They are the businesses that sit back and bask in the glory of success while others admire from afar and wonder how they do it.

Finding, owning and unleashing your own identity is the most powerful way of increasing sales. To us, it is a no brainer as we see it all the time in what we do.

It is all about creating lasting impressions and enriching experiences for our customers.

By Susan Dennison

Why Knowing your people will pay dividends

Never before has the need for leaders to understand what influences people’s behaviour been quite so important. The expectation by employers and business is that, whether it be a start-up business, a renovation, or a redirection, getting people to engage and invest in our business is the most important step.

When we consider the characteristics, traits and the widely differing personalities we all encounter it’s not unfair to say there are those who are immediately engaging and those who are not, those who are introverted and those who are out there.

Keeping up regular assessments of your team’s personality traits is essential to maintain a good customer service orientation.
Like any good system, investing in a balanced team to keep all members challenged (for those who need challenging) is a good thing. Remain constant (for those who need reassurance), use humour and make things fun (for those who tend to get extremely serious), remain focussed and encouraging (for those who don’t find coming forward easy).

The joy for hospitality businesses is that no one set of traits is likely to be more popular than any others. There are so many different types of jobs and skills to be performed that we can safely say there may be some characteristic traits more suited to some roles than others.

It’s not about carrying the wrong people, it’s about the right people doing jobs that best reflect their personalities rather than being stifled in jobs that don’t reflect their personalities – the classic ‘round pegs in square holes’.

For each identified trait there will be advantages and disadvantages. The essential ingredient here is not to put greater value on one over the other but better still to see how a particular type can improve the value of the team and match a particular group of responsibilities.

Success for our future is in recognising the amazing potential in our teams, and in our leaders.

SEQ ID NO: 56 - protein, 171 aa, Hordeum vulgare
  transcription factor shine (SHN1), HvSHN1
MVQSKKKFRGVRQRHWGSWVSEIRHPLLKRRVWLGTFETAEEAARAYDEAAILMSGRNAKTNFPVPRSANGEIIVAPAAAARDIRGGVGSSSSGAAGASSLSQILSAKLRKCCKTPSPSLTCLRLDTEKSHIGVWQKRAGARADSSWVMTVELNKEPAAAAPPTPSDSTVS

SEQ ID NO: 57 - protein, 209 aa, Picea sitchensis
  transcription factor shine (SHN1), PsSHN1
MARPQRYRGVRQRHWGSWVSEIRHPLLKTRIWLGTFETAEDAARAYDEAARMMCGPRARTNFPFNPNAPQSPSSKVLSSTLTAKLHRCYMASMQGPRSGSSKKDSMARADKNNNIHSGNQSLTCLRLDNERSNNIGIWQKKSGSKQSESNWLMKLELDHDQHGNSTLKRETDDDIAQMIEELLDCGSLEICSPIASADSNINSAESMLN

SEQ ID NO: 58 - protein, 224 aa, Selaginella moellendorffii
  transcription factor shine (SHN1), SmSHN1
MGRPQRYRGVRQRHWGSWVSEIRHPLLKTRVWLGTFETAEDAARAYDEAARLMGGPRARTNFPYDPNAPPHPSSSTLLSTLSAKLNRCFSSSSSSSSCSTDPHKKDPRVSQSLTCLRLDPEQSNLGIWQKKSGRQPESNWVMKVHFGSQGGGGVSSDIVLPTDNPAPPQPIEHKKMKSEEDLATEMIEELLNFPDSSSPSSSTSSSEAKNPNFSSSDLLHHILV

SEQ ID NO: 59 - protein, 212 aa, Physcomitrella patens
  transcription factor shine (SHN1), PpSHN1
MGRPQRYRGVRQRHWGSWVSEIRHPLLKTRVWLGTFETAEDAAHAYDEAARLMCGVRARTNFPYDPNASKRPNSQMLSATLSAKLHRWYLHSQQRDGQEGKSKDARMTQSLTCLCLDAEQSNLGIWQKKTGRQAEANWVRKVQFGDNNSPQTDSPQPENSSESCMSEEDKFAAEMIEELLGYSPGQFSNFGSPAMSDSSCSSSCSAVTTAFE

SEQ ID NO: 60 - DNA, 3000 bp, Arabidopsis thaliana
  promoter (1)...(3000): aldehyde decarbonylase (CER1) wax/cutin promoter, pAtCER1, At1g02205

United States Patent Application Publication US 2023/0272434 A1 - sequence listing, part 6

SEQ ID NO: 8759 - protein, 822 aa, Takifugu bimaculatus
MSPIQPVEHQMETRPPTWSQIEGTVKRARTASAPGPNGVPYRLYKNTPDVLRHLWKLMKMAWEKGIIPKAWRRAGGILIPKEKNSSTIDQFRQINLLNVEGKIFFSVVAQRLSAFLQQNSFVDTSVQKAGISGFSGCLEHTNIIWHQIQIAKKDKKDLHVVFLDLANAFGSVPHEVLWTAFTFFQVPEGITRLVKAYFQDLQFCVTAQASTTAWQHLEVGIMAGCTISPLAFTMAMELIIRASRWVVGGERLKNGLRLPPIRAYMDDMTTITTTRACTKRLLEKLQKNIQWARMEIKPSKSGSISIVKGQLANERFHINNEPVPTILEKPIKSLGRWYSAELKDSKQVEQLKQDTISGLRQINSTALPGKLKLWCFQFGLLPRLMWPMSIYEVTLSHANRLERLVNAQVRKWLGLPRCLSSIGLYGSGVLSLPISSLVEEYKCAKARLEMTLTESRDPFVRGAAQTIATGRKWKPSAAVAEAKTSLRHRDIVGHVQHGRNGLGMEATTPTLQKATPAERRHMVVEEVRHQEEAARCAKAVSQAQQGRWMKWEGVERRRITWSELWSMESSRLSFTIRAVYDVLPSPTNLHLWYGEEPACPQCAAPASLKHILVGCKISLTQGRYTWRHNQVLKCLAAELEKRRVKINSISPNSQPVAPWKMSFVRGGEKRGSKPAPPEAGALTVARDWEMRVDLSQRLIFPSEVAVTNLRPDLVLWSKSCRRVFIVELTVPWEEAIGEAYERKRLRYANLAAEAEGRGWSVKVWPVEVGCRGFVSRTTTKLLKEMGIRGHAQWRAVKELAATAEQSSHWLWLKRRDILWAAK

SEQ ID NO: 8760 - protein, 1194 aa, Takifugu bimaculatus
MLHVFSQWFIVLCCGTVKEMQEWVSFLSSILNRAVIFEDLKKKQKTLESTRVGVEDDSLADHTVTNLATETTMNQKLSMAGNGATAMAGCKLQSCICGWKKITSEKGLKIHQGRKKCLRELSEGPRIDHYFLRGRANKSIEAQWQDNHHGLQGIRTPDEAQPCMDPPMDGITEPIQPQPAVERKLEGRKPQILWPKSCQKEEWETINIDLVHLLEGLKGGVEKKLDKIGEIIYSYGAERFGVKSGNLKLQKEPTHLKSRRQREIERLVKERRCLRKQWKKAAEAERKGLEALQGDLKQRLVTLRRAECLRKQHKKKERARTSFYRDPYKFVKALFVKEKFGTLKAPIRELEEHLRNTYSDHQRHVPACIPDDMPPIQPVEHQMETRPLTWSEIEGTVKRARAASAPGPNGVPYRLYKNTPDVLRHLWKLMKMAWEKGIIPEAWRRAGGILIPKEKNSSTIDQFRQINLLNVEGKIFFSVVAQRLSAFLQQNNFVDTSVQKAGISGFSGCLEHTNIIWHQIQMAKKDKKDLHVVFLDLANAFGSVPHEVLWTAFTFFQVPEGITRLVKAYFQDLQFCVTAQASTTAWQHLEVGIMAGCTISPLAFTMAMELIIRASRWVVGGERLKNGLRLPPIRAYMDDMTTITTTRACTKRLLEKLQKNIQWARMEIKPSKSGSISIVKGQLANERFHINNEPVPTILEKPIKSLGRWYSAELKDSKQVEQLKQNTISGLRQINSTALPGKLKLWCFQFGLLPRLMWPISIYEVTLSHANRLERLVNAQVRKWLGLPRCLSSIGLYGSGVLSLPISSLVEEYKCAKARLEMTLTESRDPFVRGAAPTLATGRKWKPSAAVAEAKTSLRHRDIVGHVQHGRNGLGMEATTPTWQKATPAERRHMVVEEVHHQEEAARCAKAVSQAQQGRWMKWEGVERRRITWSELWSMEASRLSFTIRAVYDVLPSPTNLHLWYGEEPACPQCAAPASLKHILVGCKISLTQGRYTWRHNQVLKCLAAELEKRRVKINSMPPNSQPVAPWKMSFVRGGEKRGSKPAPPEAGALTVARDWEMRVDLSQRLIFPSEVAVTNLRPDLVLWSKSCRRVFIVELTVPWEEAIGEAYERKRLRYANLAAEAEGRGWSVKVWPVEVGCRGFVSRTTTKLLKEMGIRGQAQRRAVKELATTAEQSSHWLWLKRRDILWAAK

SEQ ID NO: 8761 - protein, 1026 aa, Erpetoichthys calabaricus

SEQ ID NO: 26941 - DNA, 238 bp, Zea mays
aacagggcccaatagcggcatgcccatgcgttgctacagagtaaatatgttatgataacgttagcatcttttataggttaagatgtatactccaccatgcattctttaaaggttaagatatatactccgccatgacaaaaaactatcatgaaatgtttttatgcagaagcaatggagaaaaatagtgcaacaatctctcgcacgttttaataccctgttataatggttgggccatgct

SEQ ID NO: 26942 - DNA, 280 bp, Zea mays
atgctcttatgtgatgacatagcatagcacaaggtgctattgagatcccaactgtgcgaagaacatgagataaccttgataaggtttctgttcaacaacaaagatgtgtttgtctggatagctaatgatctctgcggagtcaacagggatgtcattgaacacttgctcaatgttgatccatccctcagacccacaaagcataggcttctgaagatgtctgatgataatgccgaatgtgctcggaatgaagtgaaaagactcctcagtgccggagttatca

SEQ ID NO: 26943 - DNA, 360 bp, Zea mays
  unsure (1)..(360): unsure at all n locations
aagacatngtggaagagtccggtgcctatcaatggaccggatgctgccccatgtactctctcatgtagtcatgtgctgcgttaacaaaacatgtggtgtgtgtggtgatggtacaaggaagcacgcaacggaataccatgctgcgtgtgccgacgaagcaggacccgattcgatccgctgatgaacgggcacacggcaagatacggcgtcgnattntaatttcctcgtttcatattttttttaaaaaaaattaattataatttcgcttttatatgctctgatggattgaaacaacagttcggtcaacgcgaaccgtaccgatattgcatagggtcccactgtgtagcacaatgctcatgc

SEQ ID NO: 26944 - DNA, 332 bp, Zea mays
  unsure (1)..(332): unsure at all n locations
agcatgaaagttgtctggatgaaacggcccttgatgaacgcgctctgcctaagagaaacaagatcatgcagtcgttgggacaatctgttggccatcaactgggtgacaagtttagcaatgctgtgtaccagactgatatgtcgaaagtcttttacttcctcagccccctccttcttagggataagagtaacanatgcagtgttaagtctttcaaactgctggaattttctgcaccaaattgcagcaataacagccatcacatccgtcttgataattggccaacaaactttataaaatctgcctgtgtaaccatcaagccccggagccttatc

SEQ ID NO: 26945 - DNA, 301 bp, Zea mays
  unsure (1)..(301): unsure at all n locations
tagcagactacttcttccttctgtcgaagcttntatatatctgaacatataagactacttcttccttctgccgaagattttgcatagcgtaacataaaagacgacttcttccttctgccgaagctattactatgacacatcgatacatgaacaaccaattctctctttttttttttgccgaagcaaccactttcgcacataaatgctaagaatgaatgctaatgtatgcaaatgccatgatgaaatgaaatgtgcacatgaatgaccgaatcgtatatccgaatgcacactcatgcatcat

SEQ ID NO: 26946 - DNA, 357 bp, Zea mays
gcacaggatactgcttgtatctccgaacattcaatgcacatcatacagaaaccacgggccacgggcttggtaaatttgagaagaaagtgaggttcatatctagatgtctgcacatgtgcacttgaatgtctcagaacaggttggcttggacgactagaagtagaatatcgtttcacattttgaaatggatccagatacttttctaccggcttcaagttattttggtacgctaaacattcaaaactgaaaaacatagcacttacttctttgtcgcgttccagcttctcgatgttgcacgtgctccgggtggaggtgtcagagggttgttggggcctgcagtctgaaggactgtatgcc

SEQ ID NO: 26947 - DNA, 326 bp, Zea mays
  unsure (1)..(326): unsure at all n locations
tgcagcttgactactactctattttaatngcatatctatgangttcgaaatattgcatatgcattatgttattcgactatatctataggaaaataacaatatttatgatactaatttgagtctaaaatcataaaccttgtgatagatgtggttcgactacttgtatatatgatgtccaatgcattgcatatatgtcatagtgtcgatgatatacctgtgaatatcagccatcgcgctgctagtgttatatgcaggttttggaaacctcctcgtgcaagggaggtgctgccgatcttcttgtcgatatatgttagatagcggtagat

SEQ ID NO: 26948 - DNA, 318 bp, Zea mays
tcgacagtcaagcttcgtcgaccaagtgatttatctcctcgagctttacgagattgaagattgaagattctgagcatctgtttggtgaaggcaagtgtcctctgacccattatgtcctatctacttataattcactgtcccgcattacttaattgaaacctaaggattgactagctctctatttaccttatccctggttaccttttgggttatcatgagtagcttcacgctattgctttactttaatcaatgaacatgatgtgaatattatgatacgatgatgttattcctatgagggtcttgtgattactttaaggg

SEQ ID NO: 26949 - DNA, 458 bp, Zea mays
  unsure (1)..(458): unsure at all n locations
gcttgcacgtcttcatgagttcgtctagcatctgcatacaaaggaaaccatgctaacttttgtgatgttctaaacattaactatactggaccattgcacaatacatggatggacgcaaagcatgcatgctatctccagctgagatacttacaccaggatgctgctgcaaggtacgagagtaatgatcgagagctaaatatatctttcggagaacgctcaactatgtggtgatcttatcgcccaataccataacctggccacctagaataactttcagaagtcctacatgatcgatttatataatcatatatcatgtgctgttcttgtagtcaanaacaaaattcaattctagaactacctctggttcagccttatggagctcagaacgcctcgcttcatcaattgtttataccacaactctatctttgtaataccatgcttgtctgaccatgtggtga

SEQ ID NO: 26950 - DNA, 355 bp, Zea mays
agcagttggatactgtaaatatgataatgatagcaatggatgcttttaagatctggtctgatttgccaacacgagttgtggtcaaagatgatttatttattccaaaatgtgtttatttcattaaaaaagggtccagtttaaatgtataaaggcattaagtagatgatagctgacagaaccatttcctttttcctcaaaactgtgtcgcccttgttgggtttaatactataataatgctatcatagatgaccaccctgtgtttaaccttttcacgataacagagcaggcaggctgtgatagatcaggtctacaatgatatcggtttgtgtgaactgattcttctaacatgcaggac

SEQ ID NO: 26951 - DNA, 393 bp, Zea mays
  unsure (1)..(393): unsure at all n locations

Celebrating their differences, and then applying those differences to the varied roles you have.

By Justin McGurgan

Reel in more guests: hook, line and sinker

Reel in more guests: hook, line and sinker

After more guests? It won’t happen floating impassively in a “Sea of Ordinary.”

In an increasingly competitive market, quality of service to the customer is crucial to success and reeling in more guests.

We cannot afford to be complacent. The hospitality industry is dynamic, consumers are more sophisticated and knowledgeable.
If we are to maintain or grow our business, we must continue to retain existing customers as well as attract new ones – particularly in view of the fact that it costs at least six times more to get a new customer as it does to keep an existing one.

Service quality is critical to ensure a high level of customer satisfaction and therefore business competitiveness and profitability. We must put the Hospitality back into Hospitality.

Putting the hospitality back into hospitality means focusing on communication, customer relations, engagement and service.
Focussing on skill development, versatility, innovation, self-reliance and self-confidence will turn ordinary into extraordinary and reel the guests in hook, line and sinker.

Great service experiences driven from a strong culture and identity are not only incredibly rare, they are also pretty unexpected. This is where your opportunity lies.

More guests more often is all about Culture. Do you have your Culture niche happening?
How do you put your critical culture essentials into practise everyday to WOW your guests?
Do your team know the true meaning of service and the results “great service” harvests?
Do your team know what makes service memorable, unexpected, emphatic and authentic?
Do you believe you are brilliant at customer service or just good?
Do you have any strategies in place to do anything “differently” therefore “memorable?”
How do you ensure there is lots of hospitality in your hospitality business?